Daylighting and shading for thermal comfort in Malaysian buildings.
A study on the potential of daylighting as a source of indoor lighting in Malaysian
buildings is described. Not much work has been done on daylighting in Malaysia, due
to several factors. Firstly, local daylight data is unavailable and secondly, research in
daylighting design is relatively new. This work is therefore aimed at providing a solid
foundation in daylighting knowledge and to contribute towards the development of
deSign tools and strategies for buildings in a hot, humid climate, in particular
Malaysia. The work began with a survey of traditional and modern buildings to
identify old and new daylighting techniques. From the daylighting point of view,
recently built buildings in general, are not designed for the tropics. The bioclimatic
approach was used to identify the passive strategies to keep Malaysian buildings
thermally comfortable for the occupants. The Model Year Climate accurate hourly
data for 8 climate parameters were produced by statistical analyses from a database
of 21 years of meteorological data. A field study to determine the thermal comfort
conditions of young persons in a normal working environment was also carried as
part of the bioclimatic analyses. From the results of the three studies, a strategy was
formulated to create a low-energy yet thermally comfortable building environment for
the hot-humid region by integrating daylighting in the building design through the size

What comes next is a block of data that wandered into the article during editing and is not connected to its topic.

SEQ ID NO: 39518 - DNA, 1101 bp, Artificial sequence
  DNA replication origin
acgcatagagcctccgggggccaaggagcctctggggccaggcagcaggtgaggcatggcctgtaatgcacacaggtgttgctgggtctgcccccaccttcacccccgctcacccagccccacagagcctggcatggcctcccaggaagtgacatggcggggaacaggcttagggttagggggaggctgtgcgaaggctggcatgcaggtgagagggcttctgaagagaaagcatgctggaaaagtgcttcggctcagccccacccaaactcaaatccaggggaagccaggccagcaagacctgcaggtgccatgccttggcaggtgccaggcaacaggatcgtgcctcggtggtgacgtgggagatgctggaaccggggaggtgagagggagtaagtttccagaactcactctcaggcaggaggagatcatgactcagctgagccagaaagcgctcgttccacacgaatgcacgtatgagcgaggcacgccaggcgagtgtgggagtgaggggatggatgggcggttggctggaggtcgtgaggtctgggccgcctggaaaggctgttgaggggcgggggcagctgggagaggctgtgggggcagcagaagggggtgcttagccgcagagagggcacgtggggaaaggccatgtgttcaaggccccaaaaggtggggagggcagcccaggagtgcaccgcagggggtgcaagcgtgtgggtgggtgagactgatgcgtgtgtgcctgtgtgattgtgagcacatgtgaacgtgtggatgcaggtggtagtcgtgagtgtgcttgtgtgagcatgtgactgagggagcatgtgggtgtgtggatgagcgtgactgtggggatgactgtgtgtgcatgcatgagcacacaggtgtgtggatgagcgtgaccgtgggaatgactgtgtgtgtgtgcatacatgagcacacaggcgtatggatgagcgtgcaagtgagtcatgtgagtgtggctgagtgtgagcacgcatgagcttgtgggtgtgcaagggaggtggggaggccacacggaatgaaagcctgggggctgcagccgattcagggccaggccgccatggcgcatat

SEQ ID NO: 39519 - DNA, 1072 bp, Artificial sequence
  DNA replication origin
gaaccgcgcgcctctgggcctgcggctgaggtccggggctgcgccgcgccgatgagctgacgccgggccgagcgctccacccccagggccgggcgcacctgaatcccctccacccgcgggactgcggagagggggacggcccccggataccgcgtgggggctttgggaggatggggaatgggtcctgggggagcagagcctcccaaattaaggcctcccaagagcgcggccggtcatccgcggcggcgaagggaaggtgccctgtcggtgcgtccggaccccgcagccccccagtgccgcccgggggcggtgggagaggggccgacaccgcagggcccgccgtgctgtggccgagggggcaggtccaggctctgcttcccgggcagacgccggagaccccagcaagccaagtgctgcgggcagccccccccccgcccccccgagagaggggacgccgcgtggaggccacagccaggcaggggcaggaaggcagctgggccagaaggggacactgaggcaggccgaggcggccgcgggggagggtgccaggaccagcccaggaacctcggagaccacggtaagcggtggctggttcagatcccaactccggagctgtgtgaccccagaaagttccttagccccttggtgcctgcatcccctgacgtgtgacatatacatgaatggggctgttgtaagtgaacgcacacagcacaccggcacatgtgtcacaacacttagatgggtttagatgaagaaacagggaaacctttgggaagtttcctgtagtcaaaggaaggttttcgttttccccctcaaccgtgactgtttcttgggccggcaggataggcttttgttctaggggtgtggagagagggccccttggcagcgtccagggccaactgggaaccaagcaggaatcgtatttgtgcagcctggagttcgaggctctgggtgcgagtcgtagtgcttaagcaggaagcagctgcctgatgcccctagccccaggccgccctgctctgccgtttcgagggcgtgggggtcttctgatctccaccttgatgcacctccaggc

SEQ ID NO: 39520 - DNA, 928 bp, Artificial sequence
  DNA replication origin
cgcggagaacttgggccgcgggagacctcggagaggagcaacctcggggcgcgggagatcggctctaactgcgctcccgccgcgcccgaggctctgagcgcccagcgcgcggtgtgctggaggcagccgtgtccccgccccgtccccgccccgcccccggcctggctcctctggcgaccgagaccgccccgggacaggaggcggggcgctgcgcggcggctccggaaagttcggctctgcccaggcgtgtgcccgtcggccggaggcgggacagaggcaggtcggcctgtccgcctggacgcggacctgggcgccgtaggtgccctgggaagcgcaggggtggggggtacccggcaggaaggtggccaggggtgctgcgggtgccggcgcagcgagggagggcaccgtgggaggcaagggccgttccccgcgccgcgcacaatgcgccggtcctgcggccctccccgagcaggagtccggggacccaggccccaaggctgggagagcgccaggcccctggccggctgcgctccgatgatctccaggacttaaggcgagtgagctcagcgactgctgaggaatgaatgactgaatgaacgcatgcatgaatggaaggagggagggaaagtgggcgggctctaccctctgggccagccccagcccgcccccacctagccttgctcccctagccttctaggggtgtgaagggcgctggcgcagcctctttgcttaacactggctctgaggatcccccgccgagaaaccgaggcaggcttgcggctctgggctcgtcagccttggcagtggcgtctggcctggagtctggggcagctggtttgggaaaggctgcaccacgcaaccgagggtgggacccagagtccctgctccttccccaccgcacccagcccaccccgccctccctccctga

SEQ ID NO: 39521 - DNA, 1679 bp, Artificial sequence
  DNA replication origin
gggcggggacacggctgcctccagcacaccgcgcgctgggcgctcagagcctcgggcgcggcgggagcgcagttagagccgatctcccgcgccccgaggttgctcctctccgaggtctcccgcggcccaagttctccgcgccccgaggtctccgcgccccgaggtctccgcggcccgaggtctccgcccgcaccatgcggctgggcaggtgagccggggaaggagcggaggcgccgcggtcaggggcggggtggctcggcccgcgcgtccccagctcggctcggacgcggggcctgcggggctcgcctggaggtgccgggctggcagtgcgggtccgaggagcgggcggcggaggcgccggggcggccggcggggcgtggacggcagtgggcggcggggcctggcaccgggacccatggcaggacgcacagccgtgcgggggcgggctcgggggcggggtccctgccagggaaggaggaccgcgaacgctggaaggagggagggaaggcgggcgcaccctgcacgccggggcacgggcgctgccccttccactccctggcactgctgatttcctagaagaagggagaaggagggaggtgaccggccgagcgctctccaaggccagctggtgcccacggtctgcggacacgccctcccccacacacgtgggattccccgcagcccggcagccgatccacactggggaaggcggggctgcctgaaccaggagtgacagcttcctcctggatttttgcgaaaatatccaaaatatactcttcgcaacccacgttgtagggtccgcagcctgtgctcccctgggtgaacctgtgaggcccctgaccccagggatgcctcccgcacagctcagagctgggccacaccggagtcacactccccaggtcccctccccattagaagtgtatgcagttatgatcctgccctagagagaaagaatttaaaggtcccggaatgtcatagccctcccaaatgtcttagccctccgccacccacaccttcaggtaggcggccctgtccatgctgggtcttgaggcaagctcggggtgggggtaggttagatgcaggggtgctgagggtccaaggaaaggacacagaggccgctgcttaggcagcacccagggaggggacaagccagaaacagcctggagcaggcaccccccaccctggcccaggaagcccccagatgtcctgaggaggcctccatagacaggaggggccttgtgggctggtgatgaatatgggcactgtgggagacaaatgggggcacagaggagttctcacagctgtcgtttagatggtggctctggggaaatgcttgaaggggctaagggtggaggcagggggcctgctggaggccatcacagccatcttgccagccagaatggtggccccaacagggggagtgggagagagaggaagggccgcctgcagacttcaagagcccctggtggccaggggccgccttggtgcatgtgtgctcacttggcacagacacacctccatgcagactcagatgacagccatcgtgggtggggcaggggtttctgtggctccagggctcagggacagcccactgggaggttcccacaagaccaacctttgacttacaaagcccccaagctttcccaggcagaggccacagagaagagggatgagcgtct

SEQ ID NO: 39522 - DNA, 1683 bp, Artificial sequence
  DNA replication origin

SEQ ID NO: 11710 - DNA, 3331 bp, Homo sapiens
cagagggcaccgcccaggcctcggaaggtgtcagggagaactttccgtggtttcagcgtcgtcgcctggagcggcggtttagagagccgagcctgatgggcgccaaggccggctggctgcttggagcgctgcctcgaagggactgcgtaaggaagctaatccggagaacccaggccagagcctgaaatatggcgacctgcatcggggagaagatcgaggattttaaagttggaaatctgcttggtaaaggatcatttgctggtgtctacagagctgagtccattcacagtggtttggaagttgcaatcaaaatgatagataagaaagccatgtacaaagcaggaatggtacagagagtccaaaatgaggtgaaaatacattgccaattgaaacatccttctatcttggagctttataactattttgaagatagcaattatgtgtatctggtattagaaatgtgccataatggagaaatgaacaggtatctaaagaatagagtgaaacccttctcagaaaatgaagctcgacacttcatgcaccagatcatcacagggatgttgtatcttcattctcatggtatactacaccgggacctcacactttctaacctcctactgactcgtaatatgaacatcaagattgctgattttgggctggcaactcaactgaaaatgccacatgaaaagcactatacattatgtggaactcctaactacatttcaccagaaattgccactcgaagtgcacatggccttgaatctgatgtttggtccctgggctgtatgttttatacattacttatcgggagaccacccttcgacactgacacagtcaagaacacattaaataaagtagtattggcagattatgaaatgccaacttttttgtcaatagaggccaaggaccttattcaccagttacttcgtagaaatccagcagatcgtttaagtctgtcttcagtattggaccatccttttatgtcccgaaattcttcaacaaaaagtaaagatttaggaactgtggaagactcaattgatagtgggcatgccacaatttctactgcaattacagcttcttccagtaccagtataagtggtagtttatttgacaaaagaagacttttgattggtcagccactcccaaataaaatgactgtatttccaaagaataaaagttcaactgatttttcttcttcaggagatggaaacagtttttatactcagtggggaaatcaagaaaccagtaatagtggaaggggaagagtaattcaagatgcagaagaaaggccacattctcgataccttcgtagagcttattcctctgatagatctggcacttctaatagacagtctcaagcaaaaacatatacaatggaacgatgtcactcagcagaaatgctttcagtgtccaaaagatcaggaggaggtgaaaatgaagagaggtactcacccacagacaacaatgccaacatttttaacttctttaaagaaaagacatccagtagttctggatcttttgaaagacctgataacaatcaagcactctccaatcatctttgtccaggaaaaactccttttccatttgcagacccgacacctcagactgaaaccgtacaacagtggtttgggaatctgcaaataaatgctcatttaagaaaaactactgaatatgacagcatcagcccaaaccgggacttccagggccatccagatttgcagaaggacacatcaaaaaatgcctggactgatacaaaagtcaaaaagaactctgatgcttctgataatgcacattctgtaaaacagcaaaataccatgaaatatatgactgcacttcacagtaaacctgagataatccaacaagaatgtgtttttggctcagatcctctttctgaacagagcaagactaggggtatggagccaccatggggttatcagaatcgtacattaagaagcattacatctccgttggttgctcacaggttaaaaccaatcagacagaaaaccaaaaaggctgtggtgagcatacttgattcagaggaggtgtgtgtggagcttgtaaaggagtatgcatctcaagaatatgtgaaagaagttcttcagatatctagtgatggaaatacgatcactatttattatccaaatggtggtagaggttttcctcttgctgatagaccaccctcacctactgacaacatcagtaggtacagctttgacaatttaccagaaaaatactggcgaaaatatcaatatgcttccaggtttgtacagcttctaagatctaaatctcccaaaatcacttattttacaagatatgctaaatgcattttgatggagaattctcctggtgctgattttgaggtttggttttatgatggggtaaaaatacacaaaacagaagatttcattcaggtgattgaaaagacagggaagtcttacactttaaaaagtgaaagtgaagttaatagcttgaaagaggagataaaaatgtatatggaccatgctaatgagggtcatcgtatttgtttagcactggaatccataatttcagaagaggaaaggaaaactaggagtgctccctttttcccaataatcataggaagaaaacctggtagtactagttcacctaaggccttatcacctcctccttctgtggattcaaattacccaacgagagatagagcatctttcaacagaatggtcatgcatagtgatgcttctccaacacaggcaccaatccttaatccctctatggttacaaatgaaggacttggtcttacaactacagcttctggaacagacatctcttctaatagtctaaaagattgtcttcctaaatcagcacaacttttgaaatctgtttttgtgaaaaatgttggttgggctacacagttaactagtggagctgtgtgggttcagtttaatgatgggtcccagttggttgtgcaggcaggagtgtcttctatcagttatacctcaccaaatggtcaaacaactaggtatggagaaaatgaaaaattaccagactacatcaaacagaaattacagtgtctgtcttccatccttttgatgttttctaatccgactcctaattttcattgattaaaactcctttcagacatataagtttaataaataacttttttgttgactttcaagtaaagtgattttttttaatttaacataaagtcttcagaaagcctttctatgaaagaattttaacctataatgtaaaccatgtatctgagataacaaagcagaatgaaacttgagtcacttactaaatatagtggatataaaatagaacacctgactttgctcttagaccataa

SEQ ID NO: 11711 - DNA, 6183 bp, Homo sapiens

of window openings and types of shading devices.
The prevailing sky type in the Klang Valley was determined using solar irradiation
and cloud cover data. The sky type was identified, and confirmed by four
identification techniques, as predominantly intermediate. As daylight and solar
irradiation share similar physical properties, hourly daylight data were modelled using
solar irradiation data and luminous efficacy values. An artificial sky was designed
and constructed to conduct daylighting experiments using architectural scale models.
The correlation coefficient of the luminance produced by the sky simulator as
compared to the intermediate sky luminance model was 0.996. This study focussed
on sidelighting, which is the most common daylighting strategy in Malaysia. The
daylighting performance of several window opening sizes ranging from 10% up to
40% window-to-wall ratio and several types of shading devices were investigated
using the Daylight Factor Method. A suitable architectural scale model of a basic
room with one removable wall, on which the fenestration systems were attached,
was used for the investigations. The optimum window opening size was found to be
25% where daylight is enhanced and energy consumption for cooling load is
reduced. The best shading device tested for buildings in the Malaysian climate was
found to be a sloped shading device integrated with a horizontal light shelf. This
device has the capability to reduce excess lighting while maintaining the required
daylight levels in a normal working environment as recommended by the Malaysia
Guidelines for Energy Efficiency in Buildings.
The results of the daylighting performance of the fenestrations were used together
with modelled exterior illuminance data to produce several daylighting design tools.
Graphical tools produced to aid architects include iso-OF charts, isolux charts or
daylight footprints while look-up tables and nomographs were produced for
engineers. The NORMA algorithm was used to calculate the cooling loads of a
simple building to demonstrate the possible energy savings as a result of applying
the above daylighting strategies. It was found that at least 10% of energy could be
saved by integrating daylighting in Malaysian buildings while maintaining acceptable
indoor thermal comfort criteria for young Malaysians.